I mean, I can sort of see where she's coming from, but it's like the case of Superman and the nuclear arms in Superman IV: Quest for Peace. Is it really the place of anyone to come in to say 'Now, this is right, I'm doing this and that's that - whatever you think', especially on such large decisions as killing a creature to save people, but destroying the Moon.

    Or, letting the creature live, being a baby and a life.

    In regards to Quest for Peace, at least not only was Clark Kent a US citizen, but Superman and all identities of this kindly Kryptonian is also a continuous citizen of Earth. I won't get into the big debate about the nuclear arms and all of that stuff here, but if the Doctor just decided, regardless of the creature, or regardless of the Earth/people/the Moon, it'd be getting near Time Lord Victorious in way of omnipotence.

    And, in his judgement on what is right and necessary, whatever the Astronaut, Courtney and Clara said to him.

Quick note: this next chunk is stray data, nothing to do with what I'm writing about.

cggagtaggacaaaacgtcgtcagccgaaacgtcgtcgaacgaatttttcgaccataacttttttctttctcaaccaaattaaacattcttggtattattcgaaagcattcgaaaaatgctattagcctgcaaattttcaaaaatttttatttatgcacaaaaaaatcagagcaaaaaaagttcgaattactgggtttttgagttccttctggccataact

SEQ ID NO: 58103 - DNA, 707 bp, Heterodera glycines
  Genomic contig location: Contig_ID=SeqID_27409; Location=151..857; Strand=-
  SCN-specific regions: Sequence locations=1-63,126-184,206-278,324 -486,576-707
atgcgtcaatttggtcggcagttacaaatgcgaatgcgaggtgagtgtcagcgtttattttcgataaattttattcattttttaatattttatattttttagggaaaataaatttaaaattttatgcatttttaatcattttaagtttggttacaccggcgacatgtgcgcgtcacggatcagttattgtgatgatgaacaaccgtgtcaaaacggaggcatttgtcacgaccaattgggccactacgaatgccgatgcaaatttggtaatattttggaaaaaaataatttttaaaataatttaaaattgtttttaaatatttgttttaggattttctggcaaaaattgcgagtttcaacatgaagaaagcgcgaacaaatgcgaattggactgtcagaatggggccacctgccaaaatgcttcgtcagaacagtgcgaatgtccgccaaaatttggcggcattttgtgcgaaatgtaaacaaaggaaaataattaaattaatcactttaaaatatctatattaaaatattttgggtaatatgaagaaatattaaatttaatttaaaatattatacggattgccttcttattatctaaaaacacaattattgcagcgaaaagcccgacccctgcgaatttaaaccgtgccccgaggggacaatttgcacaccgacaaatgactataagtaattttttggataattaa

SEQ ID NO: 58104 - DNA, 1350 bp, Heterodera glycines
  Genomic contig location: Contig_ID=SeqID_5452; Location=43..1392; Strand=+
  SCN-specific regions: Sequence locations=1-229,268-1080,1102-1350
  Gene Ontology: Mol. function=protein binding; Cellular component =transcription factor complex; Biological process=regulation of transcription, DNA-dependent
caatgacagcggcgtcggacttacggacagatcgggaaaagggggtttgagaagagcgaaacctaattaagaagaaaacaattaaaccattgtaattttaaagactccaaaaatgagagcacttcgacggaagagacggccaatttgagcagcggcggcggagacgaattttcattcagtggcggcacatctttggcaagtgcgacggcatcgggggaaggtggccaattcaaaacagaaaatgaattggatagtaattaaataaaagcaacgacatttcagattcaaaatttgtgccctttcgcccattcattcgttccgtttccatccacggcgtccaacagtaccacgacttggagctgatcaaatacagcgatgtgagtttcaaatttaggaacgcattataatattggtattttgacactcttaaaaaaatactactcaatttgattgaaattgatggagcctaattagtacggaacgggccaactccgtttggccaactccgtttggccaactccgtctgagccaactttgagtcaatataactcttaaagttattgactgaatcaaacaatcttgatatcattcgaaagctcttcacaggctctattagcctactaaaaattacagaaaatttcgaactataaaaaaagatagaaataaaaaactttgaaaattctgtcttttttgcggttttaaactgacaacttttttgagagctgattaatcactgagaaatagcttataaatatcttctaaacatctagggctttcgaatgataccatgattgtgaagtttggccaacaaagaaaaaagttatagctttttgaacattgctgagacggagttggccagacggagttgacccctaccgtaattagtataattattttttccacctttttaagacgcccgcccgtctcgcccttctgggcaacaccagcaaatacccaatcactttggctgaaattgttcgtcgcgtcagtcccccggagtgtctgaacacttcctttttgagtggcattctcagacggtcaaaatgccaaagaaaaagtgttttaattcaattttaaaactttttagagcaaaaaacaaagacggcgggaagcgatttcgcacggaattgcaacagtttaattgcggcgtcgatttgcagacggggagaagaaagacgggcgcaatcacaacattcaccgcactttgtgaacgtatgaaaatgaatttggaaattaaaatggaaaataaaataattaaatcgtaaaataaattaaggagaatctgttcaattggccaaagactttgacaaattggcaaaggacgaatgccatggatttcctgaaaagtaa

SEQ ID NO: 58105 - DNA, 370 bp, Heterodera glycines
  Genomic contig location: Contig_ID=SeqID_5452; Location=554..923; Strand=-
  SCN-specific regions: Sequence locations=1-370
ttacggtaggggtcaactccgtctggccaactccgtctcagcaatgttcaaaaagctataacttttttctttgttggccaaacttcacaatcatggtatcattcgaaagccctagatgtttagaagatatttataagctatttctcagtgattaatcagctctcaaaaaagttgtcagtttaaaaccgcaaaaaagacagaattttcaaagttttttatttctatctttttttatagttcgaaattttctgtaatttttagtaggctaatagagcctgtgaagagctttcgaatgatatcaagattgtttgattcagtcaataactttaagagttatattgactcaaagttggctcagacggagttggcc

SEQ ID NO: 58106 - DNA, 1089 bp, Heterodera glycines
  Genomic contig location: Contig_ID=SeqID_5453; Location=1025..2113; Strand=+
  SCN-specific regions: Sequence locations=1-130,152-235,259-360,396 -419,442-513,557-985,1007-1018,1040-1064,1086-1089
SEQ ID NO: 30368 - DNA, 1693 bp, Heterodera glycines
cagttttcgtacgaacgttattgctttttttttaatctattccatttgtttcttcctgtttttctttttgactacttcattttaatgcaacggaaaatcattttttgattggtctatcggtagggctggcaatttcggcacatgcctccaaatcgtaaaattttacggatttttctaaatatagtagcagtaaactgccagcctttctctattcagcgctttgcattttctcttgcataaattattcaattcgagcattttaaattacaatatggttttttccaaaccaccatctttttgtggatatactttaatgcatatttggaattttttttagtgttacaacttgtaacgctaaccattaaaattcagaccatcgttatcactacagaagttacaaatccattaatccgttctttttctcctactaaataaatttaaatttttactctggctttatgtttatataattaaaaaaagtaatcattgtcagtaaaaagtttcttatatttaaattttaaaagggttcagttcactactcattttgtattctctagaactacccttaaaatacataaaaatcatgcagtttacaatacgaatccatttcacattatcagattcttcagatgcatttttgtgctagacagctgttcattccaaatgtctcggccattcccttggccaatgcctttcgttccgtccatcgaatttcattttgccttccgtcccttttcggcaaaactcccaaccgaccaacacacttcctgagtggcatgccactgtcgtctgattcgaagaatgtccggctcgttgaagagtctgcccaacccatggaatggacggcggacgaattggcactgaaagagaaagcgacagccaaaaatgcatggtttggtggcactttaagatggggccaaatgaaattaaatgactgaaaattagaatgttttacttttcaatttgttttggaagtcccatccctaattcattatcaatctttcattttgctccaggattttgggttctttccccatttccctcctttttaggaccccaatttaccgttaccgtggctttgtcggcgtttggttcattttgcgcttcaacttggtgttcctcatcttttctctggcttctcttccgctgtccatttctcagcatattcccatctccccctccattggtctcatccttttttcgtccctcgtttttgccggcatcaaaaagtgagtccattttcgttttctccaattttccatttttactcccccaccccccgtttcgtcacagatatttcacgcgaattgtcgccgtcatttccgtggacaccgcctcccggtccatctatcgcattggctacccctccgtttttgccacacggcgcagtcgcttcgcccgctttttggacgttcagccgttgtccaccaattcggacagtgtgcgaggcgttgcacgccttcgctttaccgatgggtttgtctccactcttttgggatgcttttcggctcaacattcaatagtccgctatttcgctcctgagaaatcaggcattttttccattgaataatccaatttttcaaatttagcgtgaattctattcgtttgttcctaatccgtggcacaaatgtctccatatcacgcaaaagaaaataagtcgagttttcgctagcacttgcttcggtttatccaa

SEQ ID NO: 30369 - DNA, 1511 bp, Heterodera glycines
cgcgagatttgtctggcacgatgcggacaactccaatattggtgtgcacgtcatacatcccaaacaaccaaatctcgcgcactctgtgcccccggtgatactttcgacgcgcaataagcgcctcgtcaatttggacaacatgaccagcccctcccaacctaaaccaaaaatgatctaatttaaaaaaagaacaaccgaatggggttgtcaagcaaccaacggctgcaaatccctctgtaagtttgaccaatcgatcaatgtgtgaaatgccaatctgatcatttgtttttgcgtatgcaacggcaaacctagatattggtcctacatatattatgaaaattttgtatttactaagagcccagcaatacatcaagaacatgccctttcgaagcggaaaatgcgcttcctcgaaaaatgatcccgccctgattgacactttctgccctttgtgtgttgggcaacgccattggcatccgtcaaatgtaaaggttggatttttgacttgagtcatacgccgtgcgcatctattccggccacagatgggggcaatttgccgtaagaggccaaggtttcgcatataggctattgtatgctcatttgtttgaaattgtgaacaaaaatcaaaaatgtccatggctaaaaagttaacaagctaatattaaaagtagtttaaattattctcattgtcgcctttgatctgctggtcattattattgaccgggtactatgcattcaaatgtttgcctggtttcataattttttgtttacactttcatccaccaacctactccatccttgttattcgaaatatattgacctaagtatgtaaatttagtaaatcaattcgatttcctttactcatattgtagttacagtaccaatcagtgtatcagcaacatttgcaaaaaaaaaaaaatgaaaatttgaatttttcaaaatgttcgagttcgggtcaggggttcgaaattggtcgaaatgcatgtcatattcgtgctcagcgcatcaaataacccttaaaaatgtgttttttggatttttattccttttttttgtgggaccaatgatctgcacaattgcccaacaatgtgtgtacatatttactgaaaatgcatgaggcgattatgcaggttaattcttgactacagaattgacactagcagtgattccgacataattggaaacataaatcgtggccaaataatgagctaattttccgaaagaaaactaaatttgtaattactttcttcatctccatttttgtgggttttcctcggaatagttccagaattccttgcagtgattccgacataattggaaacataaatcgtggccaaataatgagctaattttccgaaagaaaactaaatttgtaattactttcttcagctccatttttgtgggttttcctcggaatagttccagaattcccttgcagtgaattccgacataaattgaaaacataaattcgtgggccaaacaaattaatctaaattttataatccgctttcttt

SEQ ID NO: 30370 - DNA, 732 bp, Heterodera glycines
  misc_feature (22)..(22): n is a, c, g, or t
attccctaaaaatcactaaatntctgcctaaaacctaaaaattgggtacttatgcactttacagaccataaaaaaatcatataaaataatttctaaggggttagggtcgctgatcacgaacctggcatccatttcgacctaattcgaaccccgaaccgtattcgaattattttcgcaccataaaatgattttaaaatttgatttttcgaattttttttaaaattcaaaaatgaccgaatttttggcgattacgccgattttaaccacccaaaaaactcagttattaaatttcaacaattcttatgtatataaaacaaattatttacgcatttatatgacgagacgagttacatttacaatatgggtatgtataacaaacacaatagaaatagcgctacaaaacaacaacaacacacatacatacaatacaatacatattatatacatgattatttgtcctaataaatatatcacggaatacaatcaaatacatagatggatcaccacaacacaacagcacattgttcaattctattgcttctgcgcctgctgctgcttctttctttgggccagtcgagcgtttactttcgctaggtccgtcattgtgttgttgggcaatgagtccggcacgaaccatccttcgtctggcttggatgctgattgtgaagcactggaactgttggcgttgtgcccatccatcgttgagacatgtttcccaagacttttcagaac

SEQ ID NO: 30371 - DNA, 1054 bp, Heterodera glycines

He's less like Superman, in that he's the travelling man, going from universe, to planet, to country, to time and on and on. He doesn't really live anywhere, except in his car. His home is where his heart is, and his heart always wants to flit from one place to the other, continuously.

    So, I don't really consider him one of them, but an ally, a friend, a defender, a historian and a watcher. But not your average John Smith, wandering into the Post Office, and talking to you about David Cameron or whatever. So I still don't see him as having the responsibility.

    More, he'd follow Clara into whatever decision was decided upon, whatever one it was and been a stalwart ally and stayed with them, even if, by his own admission, it wasn't his decision to make, so he would not make it.

    Might've been a better compromise.

    Though, I think the advice Danny gave Clara in telling the Doctor her decision when she was calm and him, was a good one. When she could better think, through all her emotions and such. Though I do hope next weeks' sticks to the preview, from what I saw, and doesn't have her, or tagging alone with Twelve.

    Be nice to enjoy it where it's the Twelfth on his own, or with whoever he's around, for this Mummy adventure and the Orient Express in space and everything. A nice breather for them both and for me - wouldn't be happy with the Doctor and Clara next week, though in a fortnight? Maybe.